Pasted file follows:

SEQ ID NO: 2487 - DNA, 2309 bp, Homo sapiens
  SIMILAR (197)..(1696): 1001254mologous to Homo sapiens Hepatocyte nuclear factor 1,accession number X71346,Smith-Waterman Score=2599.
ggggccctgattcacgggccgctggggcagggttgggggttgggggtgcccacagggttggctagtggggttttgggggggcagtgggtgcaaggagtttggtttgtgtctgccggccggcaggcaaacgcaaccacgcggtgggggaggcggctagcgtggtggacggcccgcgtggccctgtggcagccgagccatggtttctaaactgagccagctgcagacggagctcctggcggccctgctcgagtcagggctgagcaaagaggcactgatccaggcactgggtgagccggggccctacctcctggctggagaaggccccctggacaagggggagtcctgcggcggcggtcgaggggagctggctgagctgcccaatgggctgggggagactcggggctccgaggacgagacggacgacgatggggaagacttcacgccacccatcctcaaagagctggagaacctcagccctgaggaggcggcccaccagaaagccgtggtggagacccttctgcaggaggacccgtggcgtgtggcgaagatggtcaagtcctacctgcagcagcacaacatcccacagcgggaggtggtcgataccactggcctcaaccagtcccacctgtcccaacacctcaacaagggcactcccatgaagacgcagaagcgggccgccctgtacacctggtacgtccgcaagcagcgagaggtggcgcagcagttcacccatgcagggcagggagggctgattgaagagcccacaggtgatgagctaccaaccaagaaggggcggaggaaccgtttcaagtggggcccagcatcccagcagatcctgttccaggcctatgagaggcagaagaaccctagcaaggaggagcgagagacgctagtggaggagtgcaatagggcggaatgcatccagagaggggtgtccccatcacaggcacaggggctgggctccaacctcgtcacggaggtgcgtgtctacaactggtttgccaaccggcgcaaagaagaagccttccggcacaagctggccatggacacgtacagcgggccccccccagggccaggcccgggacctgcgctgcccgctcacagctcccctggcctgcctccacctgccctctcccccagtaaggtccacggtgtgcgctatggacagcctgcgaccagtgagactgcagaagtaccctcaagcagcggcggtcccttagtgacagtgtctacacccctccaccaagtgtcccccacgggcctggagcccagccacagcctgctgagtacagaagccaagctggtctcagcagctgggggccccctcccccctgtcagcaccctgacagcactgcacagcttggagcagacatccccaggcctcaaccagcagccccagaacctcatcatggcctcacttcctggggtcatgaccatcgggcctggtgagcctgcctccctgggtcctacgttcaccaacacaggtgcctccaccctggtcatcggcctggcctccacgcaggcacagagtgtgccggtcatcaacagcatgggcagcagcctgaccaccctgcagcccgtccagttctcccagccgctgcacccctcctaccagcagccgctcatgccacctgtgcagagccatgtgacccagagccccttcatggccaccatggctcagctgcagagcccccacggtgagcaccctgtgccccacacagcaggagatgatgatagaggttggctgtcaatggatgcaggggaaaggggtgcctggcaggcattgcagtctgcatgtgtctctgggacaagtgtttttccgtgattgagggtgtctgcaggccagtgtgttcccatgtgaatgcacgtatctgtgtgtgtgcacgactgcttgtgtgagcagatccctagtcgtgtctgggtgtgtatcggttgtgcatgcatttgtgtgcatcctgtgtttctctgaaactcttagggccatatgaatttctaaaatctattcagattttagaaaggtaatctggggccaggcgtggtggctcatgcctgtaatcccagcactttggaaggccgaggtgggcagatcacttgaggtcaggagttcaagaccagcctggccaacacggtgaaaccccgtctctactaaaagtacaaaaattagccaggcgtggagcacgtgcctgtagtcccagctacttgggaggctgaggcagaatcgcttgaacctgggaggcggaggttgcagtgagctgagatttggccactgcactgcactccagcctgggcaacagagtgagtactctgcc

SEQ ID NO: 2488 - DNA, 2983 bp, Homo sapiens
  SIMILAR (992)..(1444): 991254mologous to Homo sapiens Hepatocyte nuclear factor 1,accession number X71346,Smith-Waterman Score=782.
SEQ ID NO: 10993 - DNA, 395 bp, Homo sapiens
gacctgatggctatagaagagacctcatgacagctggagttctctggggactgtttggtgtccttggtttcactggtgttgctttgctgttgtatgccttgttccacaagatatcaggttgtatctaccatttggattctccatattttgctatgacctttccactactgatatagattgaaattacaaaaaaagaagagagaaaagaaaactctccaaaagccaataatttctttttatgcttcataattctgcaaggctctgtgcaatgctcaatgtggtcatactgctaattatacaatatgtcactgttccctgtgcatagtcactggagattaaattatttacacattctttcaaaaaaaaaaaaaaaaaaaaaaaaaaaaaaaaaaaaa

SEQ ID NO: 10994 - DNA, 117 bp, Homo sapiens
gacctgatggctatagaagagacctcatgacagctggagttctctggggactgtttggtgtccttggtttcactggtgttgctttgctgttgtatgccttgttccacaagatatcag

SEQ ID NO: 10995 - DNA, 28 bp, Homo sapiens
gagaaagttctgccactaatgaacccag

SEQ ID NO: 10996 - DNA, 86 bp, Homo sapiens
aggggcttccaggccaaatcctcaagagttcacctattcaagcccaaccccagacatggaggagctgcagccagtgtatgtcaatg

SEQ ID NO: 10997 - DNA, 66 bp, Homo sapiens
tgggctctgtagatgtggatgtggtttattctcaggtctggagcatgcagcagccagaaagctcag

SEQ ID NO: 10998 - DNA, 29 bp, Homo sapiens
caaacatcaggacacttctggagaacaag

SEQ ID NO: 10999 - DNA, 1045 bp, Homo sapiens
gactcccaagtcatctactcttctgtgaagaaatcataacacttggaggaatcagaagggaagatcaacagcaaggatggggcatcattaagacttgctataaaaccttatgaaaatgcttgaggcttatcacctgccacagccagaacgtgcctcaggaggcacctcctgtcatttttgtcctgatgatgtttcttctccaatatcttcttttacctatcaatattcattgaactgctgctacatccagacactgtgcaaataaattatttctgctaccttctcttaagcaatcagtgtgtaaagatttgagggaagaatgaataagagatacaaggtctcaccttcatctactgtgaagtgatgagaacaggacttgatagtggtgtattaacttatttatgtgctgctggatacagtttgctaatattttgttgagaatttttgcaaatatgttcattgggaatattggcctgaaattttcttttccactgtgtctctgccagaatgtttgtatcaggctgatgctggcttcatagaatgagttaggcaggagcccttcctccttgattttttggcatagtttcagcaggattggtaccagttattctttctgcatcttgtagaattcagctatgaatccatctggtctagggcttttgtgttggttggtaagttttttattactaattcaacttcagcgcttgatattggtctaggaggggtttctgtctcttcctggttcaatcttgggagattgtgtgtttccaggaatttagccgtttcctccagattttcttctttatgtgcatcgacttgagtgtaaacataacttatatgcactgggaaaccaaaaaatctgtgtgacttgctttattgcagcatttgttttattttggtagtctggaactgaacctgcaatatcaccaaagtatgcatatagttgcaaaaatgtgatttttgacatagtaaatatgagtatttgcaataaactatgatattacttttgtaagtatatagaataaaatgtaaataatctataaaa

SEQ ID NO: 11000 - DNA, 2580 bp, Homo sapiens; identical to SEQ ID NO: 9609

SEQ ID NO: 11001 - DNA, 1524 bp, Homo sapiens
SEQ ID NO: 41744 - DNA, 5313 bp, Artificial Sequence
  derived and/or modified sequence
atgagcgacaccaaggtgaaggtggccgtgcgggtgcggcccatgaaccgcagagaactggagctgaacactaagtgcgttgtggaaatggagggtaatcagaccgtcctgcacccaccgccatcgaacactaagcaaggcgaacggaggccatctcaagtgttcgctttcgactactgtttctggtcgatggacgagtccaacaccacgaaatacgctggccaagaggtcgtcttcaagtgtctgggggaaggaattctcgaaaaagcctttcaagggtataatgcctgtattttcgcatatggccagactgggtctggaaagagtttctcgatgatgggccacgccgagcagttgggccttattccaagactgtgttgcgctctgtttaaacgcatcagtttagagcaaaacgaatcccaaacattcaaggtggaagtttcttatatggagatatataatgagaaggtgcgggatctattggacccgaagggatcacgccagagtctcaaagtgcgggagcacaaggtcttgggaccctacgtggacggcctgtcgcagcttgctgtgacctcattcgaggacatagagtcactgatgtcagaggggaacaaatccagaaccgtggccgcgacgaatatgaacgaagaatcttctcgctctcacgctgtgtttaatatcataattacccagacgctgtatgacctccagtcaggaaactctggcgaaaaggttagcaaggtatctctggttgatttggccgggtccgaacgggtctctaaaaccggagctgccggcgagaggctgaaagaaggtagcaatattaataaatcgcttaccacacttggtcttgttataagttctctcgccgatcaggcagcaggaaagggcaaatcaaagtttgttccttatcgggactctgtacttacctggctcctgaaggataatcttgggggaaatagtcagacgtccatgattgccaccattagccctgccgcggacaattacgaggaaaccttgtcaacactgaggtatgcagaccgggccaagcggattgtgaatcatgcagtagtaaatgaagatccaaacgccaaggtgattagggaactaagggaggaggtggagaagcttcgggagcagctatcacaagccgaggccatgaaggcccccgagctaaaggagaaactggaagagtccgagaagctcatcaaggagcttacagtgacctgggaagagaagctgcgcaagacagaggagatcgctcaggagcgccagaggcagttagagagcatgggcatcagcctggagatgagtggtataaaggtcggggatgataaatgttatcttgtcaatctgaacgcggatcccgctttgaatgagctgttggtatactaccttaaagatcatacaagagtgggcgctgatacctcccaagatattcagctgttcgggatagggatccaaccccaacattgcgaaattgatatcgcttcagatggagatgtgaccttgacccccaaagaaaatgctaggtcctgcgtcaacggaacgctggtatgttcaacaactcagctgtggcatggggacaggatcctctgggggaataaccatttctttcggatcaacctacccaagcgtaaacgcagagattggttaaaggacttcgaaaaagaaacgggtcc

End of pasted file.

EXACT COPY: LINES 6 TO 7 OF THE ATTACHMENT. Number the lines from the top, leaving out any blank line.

SEQ ID NO: 10993 - DNA, 395 bp, Homo sapiens
gacctgatggctatagaagagacctcatgacagctggagttctctggggactgtttggtgtccttggtttcactggtgttgctttgctgttgtatgccttgttccacaagatatcaggttgtatctaccatttggattctccatattttgctatgacctttccactactgatatagattgaaattacaaaaaaagaagagagaaaagaaaactctccaaaagccaataatttctttttatgcttcataattctgcaaggctctgtgcaatgctcaatgtggtcatactgctaattatacaatatgtcactgttccctgtgcatagtcactggagattaaattatttacacattctttcaaaaaaaaaaaaaaaaaaaaaaaaaaaaaaaaaaaaa